A Brahmana - you know what a Brahmana is, of course, in India, in the ancient days, was giving away everything he had. It used to be an old tradition that when you have gathered some things for five years, through work, all that, after five years you must give everything away - you understand? Do it! (Laughter) Which means, never gather anything - right? - so that you have nothing to give away. He is giving away his cattle, his house, various things, and he has a son. The son comes to him and says, 'Father you are giving away everything, and to whom are you going to give me?' And the father says, 'Please, go away, you're too childish, don't ask this question'. But the boy comes back several times and ultimately he says, 'Father, tell me, to whom are you going to give me?' The father by now is very angry and says, 'I am going to send you to death'. And being a Brahmana he must keep his word. So he sends the boy away. (Sound of train) That's the fourth train - third, fourth (laughter). So the boy goes from one teacher to another on the way to death. One guru, one teacher says, 'You live after death. Through many lives you ultimately come to the highest principle'. And he goes to another teacher and says, 'I am going to the house of death what is thereafter?' 'There is nothing after. This annihilation'. So he goes on and ultimately arrives at the house of death. And when he arrives death is absent. You understand this? See the beauty of it, sir. You understand? Death is absent, so he waits for three days. So on the third day death comes and says, 'As you are a Brahmana I apologise for keeping you waiting. And since you have come this long distance I give you, I offer anything you like. Women, palaces, wealth - anything you want'. And the boy says, 'I may have all those, but at the end of it I will meet you'. Right? 'You will always be there, whatever gifts you give me, you will always be there'. And death says, 'You are a marvellous person, to avoid all this and seeking truth'. So he goes into the question - I have not read the story myself, people have told it to me - he goes into the question of time, self, and the ending of the self. You understand? That is the story. Sorry it peters out! (Laughs) But that is the story.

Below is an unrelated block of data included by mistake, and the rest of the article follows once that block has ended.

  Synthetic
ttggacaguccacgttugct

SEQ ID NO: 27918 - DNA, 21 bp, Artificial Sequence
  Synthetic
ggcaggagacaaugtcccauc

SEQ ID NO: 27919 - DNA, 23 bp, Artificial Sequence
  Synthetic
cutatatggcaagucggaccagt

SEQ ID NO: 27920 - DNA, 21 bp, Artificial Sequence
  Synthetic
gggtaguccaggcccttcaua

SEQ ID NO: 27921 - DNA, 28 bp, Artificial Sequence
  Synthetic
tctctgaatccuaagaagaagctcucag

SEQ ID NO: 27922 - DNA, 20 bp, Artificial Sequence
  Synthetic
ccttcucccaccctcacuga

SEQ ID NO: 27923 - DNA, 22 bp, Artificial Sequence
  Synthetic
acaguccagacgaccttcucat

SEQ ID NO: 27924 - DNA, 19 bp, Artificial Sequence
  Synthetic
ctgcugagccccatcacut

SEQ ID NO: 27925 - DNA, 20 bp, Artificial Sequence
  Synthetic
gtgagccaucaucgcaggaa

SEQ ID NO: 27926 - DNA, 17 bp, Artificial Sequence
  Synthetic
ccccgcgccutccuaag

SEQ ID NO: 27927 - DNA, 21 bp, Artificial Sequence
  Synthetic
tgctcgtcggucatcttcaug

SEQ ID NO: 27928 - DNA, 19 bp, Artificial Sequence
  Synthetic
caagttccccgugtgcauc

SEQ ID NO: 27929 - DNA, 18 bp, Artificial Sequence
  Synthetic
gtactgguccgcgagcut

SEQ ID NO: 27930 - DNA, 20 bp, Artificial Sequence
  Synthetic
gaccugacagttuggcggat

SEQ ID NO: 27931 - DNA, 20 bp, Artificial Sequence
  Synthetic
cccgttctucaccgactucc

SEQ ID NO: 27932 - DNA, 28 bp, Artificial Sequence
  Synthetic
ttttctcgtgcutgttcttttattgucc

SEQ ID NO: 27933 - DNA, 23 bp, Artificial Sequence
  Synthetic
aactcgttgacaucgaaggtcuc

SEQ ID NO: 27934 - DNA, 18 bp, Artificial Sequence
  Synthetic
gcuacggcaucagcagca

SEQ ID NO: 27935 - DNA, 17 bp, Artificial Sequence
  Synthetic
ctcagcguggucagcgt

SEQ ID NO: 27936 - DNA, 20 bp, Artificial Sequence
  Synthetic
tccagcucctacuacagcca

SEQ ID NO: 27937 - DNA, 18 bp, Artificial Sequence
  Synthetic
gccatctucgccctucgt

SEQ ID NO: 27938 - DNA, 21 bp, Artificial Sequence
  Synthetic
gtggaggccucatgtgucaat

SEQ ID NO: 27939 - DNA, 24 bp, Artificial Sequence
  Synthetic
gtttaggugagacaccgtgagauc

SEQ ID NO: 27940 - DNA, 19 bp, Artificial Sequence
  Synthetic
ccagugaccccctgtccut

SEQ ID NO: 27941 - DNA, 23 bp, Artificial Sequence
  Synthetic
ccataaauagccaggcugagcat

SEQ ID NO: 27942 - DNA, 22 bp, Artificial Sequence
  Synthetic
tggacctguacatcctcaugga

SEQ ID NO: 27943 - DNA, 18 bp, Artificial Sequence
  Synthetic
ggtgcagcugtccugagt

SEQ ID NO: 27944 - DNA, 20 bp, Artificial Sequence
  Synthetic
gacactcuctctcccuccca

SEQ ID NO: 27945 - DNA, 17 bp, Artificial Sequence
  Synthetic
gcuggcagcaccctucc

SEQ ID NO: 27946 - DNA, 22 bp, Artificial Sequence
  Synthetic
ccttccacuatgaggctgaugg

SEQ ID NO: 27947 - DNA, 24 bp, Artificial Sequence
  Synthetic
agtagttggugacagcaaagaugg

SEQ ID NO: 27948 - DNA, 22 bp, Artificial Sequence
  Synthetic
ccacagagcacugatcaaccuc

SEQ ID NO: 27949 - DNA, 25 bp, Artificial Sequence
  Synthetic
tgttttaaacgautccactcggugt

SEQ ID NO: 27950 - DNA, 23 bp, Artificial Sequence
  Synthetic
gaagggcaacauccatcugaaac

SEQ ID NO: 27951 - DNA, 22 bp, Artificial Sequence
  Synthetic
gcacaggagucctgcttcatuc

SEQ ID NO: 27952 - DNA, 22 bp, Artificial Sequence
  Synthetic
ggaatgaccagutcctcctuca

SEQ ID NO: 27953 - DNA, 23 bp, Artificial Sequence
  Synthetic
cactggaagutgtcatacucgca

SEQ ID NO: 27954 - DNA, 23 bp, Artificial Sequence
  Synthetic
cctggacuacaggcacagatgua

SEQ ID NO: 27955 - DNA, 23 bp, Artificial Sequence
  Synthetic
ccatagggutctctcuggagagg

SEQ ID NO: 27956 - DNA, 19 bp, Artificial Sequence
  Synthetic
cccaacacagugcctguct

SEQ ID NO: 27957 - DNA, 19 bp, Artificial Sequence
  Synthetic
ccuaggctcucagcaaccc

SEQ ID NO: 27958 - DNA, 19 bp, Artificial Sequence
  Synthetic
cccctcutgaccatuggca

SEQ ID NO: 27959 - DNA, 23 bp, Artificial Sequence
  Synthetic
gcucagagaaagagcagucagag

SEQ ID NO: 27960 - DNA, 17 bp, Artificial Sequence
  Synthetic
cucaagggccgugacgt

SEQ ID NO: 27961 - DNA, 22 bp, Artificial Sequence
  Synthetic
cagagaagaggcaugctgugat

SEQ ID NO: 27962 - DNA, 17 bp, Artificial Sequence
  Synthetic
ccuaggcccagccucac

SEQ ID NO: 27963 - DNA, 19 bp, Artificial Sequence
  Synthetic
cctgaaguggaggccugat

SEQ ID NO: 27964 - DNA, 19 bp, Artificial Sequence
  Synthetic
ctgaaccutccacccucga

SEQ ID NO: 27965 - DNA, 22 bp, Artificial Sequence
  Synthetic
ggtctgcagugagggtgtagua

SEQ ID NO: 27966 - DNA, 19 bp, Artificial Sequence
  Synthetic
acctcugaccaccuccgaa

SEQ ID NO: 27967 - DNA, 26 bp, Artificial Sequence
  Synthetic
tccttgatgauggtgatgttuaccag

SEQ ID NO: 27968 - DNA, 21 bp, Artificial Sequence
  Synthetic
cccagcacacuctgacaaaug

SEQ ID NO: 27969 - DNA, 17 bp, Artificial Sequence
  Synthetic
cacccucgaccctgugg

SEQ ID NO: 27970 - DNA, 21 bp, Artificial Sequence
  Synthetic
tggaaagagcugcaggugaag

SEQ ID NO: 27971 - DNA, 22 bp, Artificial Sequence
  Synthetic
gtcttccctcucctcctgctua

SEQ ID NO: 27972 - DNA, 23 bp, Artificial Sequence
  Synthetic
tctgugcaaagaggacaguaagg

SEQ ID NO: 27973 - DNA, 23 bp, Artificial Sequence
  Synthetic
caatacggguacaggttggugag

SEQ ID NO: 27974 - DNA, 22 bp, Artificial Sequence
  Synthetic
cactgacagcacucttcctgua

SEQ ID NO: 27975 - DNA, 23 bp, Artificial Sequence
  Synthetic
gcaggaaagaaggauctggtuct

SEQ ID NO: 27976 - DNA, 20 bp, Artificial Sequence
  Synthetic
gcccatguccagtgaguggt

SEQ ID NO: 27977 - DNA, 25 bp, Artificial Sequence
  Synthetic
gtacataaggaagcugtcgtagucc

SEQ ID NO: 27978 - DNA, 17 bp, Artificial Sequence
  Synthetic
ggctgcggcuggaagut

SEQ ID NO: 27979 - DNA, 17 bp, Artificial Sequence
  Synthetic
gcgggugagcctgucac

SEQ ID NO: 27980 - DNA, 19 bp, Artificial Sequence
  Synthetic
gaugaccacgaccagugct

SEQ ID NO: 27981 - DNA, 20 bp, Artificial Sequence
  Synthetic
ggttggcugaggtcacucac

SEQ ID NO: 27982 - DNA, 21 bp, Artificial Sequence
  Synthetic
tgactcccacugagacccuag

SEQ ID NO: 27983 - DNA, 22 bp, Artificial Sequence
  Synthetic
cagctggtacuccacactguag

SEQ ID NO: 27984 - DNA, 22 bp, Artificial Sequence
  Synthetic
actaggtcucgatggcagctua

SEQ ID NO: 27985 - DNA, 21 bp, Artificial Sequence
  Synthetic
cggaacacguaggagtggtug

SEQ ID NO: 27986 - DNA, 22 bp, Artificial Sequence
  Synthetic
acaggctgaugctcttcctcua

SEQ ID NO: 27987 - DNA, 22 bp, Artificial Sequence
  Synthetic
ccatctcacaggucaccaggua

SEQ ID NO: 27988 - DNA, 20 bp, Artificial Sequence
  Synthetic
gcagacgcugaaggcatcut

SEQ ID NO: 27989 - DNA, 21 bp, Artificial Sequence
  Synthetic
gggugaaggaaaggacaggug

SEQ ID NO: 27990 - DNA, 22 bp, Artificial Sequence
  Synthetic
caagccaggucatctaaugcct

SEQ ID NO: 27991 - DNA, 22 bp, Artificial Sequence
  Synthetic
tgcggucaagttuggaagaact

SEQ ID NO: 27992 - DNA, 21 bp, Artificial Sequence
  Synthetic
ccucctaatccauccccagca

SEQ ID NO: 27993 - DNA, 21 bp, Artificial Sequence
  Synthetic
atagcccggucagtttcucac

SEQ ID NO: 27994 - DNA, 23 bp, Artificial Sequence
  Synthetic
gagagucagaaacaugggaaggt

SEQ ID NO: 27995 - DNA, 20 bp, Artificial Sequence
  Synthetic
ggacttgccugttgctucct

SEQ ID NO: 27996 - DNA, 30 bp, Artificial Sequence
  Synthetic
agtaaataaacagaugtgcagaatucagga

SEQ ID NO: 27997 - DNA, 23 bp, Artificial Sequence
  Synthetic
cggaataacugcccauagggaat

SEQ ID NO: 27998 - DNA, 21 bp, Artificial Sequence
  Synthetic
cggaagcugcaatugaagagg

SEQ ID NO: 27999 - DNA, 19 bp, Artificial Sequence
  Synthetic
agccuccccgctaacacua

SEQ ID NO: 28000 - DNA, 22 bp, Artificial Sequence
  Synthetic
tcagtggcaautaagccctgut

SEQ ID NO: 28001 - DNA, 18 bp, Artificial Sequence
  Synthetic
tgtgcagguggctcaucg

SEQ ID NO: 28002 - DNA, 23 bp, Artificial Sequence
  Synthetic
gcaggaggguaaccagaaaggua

So we are asking: can we give away anything that we hold dear? And is there a continuity - please, will you go with me a little while, you aren't too tired? - is there a continuity of me, the ego? You understand? The me. I die through disease, old age, accident, doctors, (laughter) the yoga teachers. At the end of it I die. And the Hindus have thought, the ancient people of India, say there is you who will continue, life after life, life after life, going through various stages of suffering, etc., ultimately you will reach the highest principle. Right? That is what is called reincarnation, to incarnate over and over again. But we are asking: what is this thing that will continue? You understand my question? What is this thing, 'you', what is the 'you'? Is it an actuality? Or something put together - your name, your form, your culture, your character, your dependence, your sorrow - you follow? - put together. That which has been put together can be undone. You understand? I wonder if you understand this? That which has been put together by thought. Right? I am K. I have this. I am that. I am popular, etc., etc. Follow? All that is put together by thought. Right? The thought which has created the image of me. The me is the image, opposed to your image. Please follow logically, this is so.

So this thing that has been put together by thought, and when thought ends the thing that has been put together naturally dissolves. So before I die, can I, living, dissolve this thing? Vous avez compris? You have understood? Not at the end, that is very cheap. That is common to all of us, death. Therefore that is very, very common, 'vulgus', (laughs) common. But whereas this thing that has been put together by thought as culture, by thought as a name, by thought as a character, the image that thought has built for eighty, ninety, fifty, thirty, or one hundred years, that image is the consciousness. Right? You are following this? That consciousness with its content can be ended while I am living. Which means while I am living I am dying. I wonder if you see this? You understand, sir? One doesn't wait for death to come at the end of time, but to live with death, which is the ending. Then when there is that real (Sound of train) With the ending of that there is tremendous energy.

Asseyez-vous, je vous en prie. Qu'est ce que vous voulez? What are you trying to Qu'est ce que vous voulez, madame?

You see with the ending of that - the cause of sorrow - is this. And with the ending of it there is compassion, and with it comes intelligence. And if you want to go much further - not you - penetrate much further, which is the beginning of meditation, which we will go into on Sunday. Right? May I get up and go?